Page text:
Officially titled “Sprung! The Magic Roundabout”, the film mixes CGI animation with the vocal talents of Ray Winstone, Jim Broadbent, Joanna Lumley, Sir Ian McKellen, Kylie Minogue, Bill Nighy and Robbie Williams (there is also a French version, such is the series’ origin, which features Vanessa Paradis).
On February 5th, Tom Baker featured in The Times, speaking to Anita James. in his typical larger-than-life, ebullient manner, he chats about his role in “Little Britain”, Sir Ian McKellen, the Magic Roundabout movie and his desire to appear in Coronation Street. Frankly it’s one of Tom’s best interviews for years!
The article is reprinted below, the original version can be found here.
Tom Baker’s cookin’
Best remembered as the fourth Doctor Who with the mad mop of hair, tombstone teeth and ever-growing multicoloured scarf, Tom Baker has moved on to entertain the grown-ups in the years since he left the BBCâ€™s hugely successful sci-fi teatime show. In the 1990s, sans scarf, he played another doctor, the surgeon Geoffrey Hoyt in ITVâ€™s Medics. More recently he took on the role of Donald MacDonald, the reprobate brother of the late Hector, in Monarch of the Glen. But he has received most acclaim as the narrator of the hit BBC comedy Little Britain.
“They are very funny together, arenâ€™t they?” he says of the showâ€™s stars, David Walliams and Matt Lucas. “Theyâ€™re quite outrageous, but they are very nice to people. My job is to be so silly and overemphatic that anyone who is offended is revealed to have no sense of humour.”
This is not an accusation that anyone could level against Baker, who at the ripe age of 71, is now back to amuse a new generation of little Britons in the CGI film version of the 1960s television classic The Magic Roundabout, as the voice of Zebedeeâ€™s nemesis, ZeBadDee.
“Of course, there wasnâ€™t a baddie in the original,” he explains from the Gallic retreat in Toulouse that he shares with his third wife, the TV director Sue Gerrard, and numerous cats. “It wouldnâ€™t really have worked. There was a kind of sweetness about the television series that engaged everybody. It was a wonderful quality that can be attributed totally to its translator and narrator, Eric Thompson. I met him once and he had the most wonderful, wonderful voice. Completely devoid of malice.”
Which is a lot more than can be said of ZeBadDee who, with the help of his sidekick Soldier Sam (voiced by Ray Winstone), plans to use his evil powers to freeze the sun and turn the magic garden into a barren wasteland, killing off Dougal (Robbie Williams), Florence (Kylie Minogue), Brian (Jim Broadbent), Ermintrude (Joanna Lumley), Dylan (Bill Nighy) and Zebedee (Ian McKellen) in the process.
“When I first saw the script, they had written me in as being very bad,” Baker booms in a voice honed at the bars of Soho with Jeffrey Bernard and the artist Francis Bacon. “But Iâ€™m not really capable of being evil, which is probably what has attracted me to all these over-the-top parts. Iâ€™m actually quite a jovial old party and would quite like to go round giving soup to the poor. Instead, I give beggars money on the assumption that theyâ€™re either Guardian journalists researching an article or National Theatre actors researching a play by Gaultier.”
True to form, Baker as ZeBadDee is suitably overthetop, his signature growl stealing the film as a frustrated villain. But there was nothing old-style about the production.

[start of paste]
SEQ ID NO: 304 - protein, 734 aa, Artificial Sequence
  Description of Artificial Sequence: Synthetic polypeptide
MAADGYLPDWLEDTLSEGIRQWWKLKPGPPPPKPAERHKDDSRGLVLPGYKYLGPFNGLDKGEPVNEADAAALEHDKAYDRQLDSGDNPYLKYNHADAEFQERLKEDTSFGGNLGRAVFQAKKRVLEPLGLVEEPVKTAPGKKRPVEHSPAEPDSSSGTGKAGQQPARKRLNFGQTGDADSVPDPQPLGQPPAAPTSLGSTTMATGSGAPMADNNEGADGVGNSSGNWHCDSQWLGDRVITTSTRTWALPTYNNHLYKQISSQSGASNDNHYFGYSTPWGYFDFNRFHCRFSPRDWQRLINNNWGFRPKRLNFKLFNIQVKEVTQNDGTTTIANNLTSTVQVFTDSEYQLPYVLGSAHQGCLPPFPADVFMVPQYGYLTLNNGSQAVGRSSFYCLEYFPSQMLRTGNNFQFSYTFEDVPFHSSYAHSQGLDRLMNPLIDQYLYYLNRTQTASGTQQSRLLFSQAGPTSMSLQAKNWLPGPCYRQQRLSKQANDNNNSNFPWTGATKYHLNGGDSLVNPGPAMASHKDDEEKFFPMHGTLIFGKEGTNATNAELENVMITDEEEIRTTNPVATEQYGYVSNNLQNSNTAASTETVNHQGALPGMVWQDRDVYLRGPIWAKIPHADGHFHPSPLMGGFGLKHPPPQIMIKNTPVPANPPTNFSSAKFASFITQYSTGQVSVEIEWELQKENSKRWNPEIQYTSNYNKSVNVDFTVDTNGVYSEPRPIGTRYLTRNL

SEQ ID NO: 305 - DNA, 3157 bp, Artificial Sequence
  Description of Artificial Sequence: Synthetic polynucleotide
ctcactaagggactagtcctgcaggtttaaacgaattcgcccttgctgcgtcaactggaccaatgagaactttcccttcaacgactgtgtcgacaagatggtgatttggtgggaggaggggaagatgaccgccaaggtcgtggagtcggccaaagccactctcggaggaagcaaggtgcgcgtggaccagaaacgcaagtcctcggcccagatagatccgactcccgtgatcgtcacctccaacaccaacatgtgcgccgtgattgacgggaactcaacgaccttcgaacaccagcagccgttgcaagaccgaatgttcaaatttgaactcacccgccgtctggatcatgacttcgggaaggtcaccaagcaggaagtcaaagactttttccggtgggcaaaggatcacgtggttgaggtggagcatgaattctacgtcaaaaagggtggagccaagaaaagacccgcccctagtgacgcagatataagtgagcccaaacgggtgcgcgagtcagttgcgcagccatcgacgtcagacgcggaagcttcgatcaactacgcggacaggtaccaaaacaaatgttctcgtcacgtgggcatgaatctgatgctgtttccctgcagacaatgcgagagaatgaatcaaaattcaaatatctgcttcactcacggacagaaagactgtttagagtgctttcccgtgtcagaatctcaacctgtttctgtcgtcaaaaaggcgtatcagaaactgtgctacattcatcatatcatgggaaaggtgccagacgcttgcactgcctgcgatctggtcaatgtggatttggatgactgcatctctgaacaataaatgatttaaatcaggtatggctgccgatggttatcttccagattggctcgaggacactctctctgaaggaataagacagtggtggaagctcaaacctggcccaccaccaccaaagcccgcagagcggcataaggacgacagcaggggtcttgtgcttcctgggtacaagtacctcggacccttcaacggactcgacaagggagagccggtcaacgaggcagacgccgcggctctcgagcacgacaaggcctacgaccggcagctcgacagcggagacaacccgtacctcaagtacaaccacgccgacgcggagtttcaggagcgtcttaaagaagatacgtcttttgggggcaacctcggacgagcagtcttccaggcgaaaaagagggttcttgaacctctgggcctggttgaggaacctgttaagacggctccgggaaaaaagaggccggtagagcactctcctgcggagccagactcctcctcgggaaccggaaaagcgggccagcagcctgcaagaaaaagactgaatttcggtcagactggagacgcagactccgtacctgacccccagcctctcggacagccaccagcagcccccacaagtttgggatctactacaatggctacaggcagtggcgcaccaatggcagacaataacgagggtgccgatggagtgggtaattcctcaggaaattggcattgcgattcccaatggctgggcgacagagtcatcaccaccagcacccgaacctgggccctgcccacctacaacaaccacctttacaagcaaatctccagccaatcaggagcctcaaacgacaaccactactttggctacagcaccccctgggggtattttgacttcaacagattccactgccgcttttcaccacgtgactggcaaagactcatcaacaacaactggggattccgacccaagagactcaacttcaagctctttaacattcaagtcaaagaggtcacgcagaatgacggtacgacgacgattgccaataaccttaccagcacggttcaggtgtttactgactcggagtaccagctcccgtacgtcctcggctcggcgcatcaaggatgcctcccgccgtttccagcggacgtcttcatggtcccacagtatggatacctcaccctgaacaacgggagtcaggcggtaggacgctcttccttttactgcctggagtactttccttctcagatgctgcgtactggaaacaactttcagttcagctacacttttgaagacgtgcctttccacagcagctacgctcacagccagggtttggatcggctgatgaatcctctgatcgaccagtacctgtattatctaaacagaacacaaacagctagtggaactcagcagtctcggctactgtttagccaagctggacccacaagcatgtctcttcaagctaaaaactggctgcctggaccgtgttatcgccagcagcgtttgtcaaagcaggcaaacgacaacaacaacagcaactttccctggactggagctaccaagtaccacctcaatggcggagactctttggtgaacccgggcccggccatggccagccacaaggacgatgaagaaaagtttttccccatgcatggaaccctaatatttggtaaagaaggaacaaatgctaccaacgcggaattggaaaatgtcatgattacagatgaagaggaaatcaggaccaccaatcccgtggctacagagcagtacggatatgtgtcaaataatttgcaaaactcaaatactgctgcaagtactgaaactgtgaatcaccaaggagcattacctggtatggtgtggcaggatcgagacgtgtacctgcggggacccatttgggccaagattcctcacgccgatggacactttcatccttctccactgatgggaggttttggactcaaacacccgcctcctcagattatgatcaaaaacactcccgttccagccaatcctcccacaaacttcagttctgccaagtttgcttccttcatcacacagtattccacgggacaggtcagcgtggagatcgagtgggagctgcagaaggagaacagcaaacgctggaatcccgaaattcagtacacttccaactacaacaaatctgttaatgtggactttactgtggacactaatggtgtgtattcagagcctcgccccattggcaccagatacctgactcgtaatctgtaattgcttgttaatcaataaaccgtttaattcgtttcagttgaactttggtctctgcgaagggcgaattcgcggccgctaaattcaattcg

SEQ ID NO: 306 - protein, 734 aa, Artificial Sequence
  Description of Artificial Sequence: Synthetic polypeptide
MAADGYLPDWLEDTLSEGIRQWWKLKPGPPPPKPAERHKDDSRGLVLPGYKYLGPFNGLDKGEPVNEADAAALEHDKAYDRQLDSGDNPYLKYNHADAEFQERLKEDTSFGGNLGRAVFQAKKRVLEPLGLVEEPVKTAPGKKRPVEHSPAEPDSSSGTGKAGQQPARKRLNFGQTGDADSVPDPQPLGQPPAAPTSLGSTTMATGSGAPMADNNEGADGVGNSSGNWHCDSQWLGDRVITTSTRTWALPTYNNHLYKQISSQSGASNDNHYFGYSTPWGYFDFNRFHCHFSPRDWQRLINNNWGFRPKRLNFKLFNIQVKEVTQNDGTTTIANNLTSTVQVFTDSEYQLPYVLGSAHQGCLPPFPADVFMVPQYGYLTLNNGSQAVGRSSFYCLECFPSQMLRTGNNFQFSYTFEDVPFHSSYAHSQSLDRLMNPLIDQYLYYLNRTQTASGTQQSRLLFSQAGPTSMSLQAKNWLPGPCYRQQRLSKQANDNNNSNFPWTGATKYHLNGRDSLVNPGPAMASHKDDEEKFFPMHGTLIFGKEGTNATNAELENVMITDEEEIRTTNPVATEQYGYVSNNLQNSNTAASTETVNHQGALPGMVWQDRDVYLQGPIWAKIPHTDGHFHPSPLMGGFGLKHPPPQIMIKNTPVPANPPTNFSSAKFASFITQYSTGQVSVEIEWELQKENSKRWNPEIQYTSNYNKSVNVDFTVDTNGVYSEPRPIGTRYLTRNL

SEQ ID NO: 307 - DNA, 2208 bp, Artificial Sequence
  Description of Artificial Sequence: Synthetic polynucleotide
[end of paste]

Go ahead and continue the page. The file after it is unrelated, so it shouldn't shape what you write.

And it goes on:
“Iâ€™ve never seen anything so technically complicated in my life,” Baker says. “There must have been 25 technicians in the huge movie studio, and there were people photographing my lips so that they got the lip sync for the artists, and lots of directors telling me what to do. I was called back several times and asked to tone it down a bit. But asking me to tone it down is a waste of breath.”
Itâ€™s a wonderful performance, boosted by a cast of voices familiar to us all. But it was the faces that Baker missed during production. “When I saw the names of people Iâ€™ve met, such as Ray Winstone (now heâ€™s a great villain; evil but with a marvellous streak of humanity. You know that his villains are good to their mothers, which is important), Bill Nighy, Jim Broadbent and Joanna Lumley, I was very impressed. But I didnâ€™t get to meet any of them. They kept us all apart. So I am very much looking forward to hearing Widow Twanky, sorry, Ian McKellen, as Zebedee. I havenâ€™t seen him in Aladdin in the West End but I bet he is a wonderful Twanky. I saw him as Richard III and that was fantastic, that was Widow Twanky as well. And I remember seeing his Hamlet and thinking: â€˜Thereâ€™s a Twanky in that boy.â€™ I canâ€™t wait to see his Lear.”
Ebullient and enthusiastic as ever, does Baker ever let his serious side take over?
“Iâ€™ll tell you something. When you get near death, you read plays and the Bible in quite a different light. When I read King Lear now, or Macbeth, I fall around laughing. It really does throw me. I mean at one time I used to look at beautiful things and burst into tears, and now I just laugh.”
Does he ever plan to slow down? Perhaps a little.
“Iâ€™ve always fancied being in Coronation Street,” he says. “But itâ€™s not really on to propose yourself, is it? Iâ€™ve always wanted to play someone who adopts a gin and tonic in the Roverâ€™s Return. He would have a little office somewhere and the women in the street would keep going up to see him and people such as Mike would say: â€˜What does he do up there?â€™, and the women say: â€˜Never you mind! Heâ€™s just very nice to usâ€™, and Iâ€™d be just saying, â€˜Large gin and tonic please.â€™ And Iâ€™d love to appear in Last of the Summer Wine. All the characters are wonderfully exaggerated and the cast and crew have a sleep in the afternoon. Iâ€™d rather like that.”
Perhaps behind the larger-than-life personality, he is more Zebedee than ZeBadDee. “Boing! Time for bed!”
Sprung! The Magic Roundabout is on general release from Friday